My top life skills besides academics, for children, are
- Languages and reading aloud
- Swimming and other movement
Languages including Mandarin
I’m doing my darned best to learn back my mandarin, collecting pieces of the knowledge I threw back to my teacher the minute the final exam bell rang.
My experience of mandarin was so appalling at school, and my mother spent so much tuition money on me just to get a B, and I’m keen not to land the same fate for Nat.
I borrow books with Hanyu Pinyin, and try to read it to him as much as I can, but I’m ready to Zhng this process. I’m on the look out for a mandarin speaking nanny to help with childcare once a week, and will check out Bibinogs playgroup fairly soon!
If we send him to the Casa Dei Bambini on 43 Newton road, he might even join Hindi classes. We would love for him to learn Italian for the sole reason he might be able to take us around Italy which by far is our most favourite travel destination.
I use english and mandarin flash cards too, some second hand Glenn Doman (Excruciatingly heavy bloody things!!)
Flash cards and right brain training elaborated in another post.
If there is only one thing you have time for, make it this.
Kids read aloud to for a minimum of 20 minutes in total a day have a better command of language than those that don’t hear those words read to them. Use audiobooks to help you, but bonding with your baby is so important so read personally to them too, and always include cuddles and love! (Alpha waves, some scientists call it).
Nat loves to watch me read and animate the words! Sometimes he likes to peer into the books and words, and sometimes he wants to eat the book, and 1-2 times he ripped a page off but this was due to my inexperience.
I use Tweedlewink DVDs for 10 minutes a day, from 6 month onwards as not only does it enable parents do right brain training in a non-kiasu and loving way in the comfort of our own home, it includes musical notes and pitch which no other program I’ve found does. I considered printing my own DIY notes on cards, for like a total of 1 second.
Since 5 months prenatal, I’ve been using this amazingly crafted app called Nuryl, to introduce complex chords and musical structure. I continue to play it to him today at 6months old, and the pieces update every month to include new songs. They are fairly complex and include some modern jazz pieces so more often than not I’m putting on my birth playlist on Spotify, and he loves all the songs in there!
See the effect of using Nuryl, as evidenced by the producer’s son!
Those of you who know me will know I have an “eclectic” taste in music. This means Nat has been well exposed to Drum n Bass, Classical, Post rock, Progressive rock, heavy metal, Hip hop, and the trashy yet rewarding produced chart music.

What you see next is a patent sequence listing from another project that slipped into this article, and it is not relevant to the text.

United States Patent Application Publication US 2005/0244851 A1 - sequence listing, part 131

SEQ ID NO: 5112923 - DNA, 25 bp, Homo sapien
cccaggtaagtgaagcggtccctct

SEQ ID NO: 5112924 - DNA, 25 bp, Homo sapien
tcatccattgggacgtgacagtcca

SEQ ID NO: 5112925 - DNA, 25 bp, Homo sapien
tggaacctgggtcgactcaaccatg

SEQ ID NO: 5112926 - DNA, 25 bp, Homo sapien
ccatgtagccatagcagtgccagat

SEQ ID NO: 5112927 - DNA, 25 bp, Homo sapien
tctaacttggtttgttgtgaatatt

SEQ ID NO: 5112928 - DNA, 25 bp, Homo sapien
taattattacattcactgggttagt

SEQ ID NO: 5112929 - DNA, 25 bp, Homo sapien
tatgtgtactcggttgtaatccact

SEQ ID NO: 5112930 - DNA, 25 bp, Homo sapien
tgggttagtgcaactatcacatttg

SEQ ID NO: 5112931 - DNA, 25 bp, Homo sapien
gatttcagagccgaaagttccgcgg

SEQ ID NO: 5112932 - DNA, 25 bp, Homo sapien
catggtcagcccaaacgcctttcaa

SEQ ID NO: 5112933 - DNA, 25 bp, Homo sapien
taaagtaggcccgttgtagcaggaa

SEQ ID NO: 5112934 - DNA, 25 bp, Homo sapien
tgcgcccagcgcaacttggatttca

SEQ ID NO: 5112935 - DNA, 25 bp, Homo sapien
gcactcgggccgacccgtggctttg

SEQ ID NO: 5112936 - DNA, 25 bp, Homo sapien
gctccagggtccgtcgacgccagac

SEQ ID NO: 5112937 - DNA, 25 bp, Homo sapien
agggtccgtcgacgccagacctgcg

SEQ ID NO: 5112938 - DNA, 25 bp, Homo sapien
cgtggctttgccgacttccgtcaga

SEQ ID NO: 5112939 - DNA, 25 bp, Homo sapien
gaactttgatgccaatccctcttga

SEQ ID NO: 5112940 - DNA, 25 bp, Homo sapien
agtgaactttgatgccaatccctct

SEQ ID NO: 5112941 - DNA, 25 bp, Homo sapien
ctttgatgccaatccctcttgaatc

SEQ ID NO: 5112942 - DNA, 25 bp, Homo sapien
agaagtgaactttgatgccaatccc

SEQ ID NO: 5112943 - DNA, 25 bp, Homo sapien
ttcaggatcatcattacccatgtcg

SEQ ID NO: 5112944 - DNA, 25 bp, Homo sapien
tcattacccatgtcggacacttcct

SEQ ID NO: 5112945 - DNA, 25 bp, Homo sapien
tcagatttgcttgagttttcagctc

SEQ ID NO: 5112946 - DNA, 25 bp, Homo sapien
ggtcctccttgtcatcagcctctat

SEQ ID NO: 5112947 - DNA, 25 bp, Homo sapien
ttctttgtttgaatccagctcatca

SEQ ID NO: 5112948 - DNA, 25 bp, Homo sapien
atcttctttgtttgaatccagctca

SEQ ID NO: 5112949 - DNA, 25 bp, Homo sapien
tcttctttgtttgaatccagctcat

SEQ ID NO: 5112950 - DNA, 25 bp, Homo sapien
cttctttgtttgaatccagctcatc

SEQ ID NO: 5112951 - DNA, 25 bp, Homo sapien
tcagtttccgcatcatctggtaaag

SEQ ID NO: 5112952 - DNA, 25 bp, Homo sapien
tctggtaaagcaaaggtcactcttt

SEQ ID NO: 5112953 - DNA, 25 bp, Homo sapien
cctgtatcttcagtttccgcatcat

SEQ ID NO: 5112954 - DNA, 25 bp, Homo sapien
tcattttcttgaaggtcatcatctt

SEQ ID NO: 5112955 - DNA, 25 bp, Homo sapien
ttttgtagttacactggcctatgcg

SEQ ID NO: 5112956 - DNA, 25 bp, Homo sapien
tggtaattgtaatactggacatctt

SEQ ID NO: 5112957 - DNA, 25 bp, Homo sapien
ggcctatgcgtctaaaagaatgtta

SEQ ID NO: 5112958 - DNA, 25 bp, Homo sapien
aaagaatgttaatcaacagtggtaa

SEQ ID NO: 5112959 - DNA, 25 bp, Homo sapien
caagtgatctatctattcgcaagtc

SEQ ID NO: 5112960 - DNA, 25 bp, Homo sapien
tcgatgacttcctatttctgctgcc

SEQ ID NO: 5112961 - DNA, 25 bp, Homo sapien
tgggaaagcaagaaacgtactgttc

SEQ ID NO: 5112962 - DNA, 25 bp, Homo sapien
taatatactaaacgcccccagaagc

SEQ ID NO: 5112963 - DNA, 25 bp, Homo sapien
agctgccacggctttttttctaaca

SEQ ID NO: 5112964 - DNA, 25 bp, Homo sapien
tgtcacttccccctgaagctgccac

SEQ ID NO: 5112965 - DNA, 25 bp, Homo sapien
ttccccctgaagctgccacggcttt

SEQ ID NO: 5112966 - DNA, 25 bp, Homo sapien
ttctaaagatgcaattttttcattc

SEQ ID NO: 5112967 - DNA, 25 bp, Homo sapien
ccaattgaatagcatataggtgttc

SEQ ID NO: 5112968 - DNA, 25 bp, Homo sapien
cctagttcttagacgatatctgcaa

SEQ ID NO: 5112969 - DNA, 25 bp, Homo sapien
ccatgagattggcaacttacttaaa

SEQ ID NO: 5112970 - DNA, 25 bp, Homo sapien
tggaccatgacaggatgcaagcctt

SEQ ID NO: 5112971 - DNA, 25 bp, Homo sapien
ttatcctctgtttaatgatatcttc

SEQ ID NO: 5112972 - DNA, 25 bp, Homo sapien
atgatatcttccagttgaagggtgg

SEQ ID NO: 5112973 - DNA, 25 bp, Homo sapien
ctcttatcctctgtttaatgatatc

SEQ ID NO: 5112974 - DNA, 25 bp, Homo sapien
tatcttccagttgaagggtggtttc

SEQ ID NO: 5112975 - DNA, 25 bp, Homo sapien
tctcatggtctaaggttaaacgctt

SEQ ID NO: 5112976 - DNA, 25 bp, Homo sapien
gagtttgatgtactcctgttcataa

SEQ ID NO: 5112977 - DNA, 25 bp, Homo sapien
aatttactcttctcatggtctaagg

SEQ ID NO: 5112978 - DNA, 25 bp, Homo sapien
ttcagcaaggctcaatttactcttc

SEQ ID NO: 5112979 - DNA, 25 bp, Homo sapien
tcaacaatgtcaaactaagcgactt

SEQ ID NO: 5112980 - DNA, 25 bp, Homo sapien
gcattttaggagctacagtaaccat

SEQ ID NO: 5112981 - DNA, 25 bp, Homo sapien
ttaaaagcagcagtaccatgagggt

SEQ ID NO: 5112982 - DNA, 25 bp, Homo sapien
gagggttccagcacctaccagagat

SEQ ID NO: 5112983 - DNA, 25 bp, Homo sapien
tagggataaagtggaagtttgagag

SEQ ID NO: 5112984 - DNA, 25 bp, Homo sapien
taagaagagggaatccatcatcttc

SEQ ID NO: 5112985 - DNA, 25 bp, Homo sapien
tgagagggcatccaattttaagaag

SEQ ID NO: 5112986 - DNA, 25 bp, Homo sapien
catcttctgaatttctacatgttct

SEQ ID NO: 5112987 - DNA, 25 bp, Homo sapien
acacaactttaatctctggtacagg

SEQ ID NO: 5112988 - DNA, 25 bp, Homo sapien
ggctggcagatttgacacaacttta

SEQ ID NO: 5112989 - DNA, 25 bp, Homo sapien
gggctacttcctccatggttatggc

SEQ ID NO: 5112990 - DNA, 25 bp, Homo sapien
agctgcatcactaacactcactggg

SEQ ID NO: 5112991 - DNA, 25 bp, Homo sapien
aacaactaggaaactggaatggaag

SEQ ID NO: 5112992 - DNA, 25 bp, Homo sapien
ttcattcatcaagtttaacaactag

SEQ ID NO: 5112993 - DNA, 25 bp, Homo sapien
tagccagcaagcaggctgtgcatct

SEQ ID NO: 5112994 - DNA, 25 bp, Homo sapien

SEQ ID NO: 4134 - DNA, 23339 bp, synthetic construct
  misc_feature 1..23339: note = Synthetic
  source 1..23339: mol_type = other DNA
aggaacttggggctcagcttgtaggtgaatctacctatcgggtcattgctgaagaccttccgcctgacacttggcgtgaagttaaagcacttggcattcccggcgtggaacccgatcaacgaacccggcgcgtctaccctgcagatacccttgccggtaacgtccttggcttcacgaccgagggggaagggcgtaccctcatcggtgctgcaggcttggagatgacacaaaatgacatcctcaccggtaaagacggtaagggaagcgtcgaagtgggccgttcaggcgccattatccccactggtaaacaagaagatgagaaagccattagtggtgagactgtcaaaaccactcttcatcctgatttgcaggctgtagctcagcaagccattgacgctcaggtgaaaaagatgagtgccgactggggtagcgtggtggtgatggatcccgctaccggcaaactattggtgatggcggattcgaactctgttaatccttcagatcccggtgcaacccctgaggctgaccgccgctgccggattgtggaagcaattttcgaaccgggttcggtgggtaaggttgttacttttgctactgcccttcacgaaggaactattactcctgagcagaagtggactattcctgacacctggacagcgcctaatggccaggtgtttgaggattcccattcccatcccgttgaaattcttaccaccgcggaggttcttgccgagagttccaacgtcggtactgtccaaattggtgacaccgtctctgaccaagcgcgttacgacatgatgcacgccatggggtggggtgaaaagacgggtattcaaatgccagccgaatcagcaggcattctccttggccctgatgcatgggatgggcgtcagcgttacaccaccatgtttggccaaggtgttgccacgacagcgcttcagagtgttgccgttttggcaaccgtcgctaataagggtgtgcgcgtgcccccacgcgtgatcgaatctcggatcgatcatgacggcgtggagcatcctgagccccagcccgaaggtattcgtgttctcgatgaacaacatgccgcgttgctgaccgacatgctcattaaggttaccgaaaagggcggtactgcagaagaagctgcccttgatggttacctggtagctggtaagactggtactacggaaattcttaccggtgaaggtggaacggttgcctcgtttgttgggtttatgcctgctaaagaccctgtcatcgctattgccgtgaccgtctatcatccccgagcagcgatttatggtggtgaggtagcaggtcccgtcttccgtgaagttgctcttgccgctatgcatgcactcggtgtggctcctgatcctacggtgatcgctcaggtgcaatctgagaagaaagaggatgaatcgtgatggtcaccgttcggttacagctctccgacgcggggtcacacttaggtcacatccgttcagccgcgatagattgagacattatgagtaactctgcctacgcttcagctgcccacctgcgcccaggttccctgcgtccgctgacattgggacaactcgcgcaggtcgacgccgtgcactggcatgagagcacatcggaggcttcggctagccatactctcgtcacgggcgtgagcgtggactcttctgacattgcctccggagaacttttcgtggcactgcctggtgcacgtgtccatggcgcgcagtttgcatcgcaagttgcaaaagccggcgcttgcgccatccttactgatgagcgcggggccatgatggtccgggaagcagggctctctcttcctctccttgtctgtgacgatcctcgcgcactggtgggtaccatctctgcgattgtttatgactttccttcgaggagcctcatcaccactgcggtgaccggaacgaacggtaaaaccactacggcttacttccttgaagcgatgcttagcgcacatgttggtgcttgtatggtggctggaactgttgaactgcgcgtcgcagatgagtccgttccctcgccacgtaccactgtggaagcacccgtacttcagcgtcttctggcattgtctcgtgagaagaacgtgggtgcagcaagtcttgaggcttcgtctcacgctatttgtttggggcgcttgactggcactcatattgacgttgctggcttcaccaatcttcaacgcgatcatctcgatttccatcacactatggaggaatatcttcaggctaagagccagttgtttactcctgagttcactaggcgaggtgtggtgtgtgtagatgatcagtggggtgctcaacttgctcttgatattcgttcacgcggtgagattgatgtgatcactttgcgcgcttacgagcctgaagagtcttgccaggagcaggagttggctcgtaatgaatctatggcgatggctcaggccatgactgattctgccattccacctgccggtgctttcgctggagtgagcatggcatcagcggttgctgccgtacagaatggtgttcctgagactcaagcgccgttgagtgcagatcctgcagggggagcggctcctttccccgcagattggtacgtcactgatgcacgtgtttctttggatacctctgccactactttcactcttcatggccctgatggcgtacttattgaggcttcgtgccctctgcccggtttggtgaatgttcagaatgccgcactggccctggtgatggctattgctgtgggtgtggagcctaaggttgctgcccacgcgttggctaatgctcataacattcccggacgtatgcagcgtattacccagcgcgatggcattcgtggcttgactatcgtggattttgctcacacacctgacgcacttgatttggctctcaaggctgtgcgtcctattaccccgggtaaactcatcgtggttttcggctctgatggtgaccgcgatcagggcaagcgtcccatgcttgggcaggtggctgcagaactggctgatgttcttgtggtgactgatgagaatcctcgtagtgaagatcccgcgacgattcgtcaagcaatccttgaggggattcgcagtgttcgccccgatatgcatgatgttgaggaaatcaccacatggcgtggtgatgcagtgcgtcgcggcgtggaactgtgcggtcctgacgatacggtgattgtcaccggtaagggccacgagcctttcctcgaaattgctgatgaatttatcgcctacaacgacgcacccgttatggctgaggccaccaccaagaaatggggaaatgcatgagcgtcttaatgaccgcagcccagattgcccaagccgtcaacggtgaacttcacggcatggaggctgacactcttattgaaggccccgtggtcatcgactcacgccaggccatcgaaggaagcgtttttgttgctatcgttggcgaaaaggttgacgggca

Other than that, I play the piano and before Nat was born I took much trouble sourcing a good condition second hand grand piano as an asset to the generations to come.
This is how important I think music is. It is another language and not giving a child an opportunity to appreciate it is like blocking one of their five senses and means of communication, and access to their own human soul.
Swimming for babies
I had wanted him to start as a newborn, considering babies have an innate breath holding ability and begin to lose it at 6 months. Alas, classes in Singapore are only taught from 6 months old. I needed to put him in classes the minute he hit 6 months.
I found Swish, Happy Fish and Aquaducks. My sister has visited a few and vouched for the professionalism and gentle confidence of the instructors at Swish, and I stuck with it. Be sure to make your interest known way earlier than when your bub is 4 months old as they have this impossible waiting list for weekend dates!
We absolutely loved our first lesson with Kirsten, passionate owner of Swish Swimming, and it seems Nat is a natural in water! He has already done the full immersion under water, and didn’t bat an eyelid. Worth every penny, and a beautiful family day out for us afterwards, lunching in the greenery of PS Cafe @ Dempsey Hill.
We put him on the floor to sleep. This is called a floor bed, and is a very Montessori thing. This means when he wakes up, he explores the surroundings with his eyes, and by the time he’s able to move, he knows where everything is and has already pre-planned where he’s going to go, and how he’s going to do it.
Nat is 6 months old, can crawl, sit up, and loves to stand by the window looking out at the rain drops. He loves our chrome coffee table as he pulls himself up, bangs on it, and looks at his distorted mirror image in it too.
He also is learning how to fall gracefully.
I believe allowing them free reign in the environment within reason, is the best default for them, instead of being cooped up in a cot or playpen all the time, at the mercy of adults to bring them down.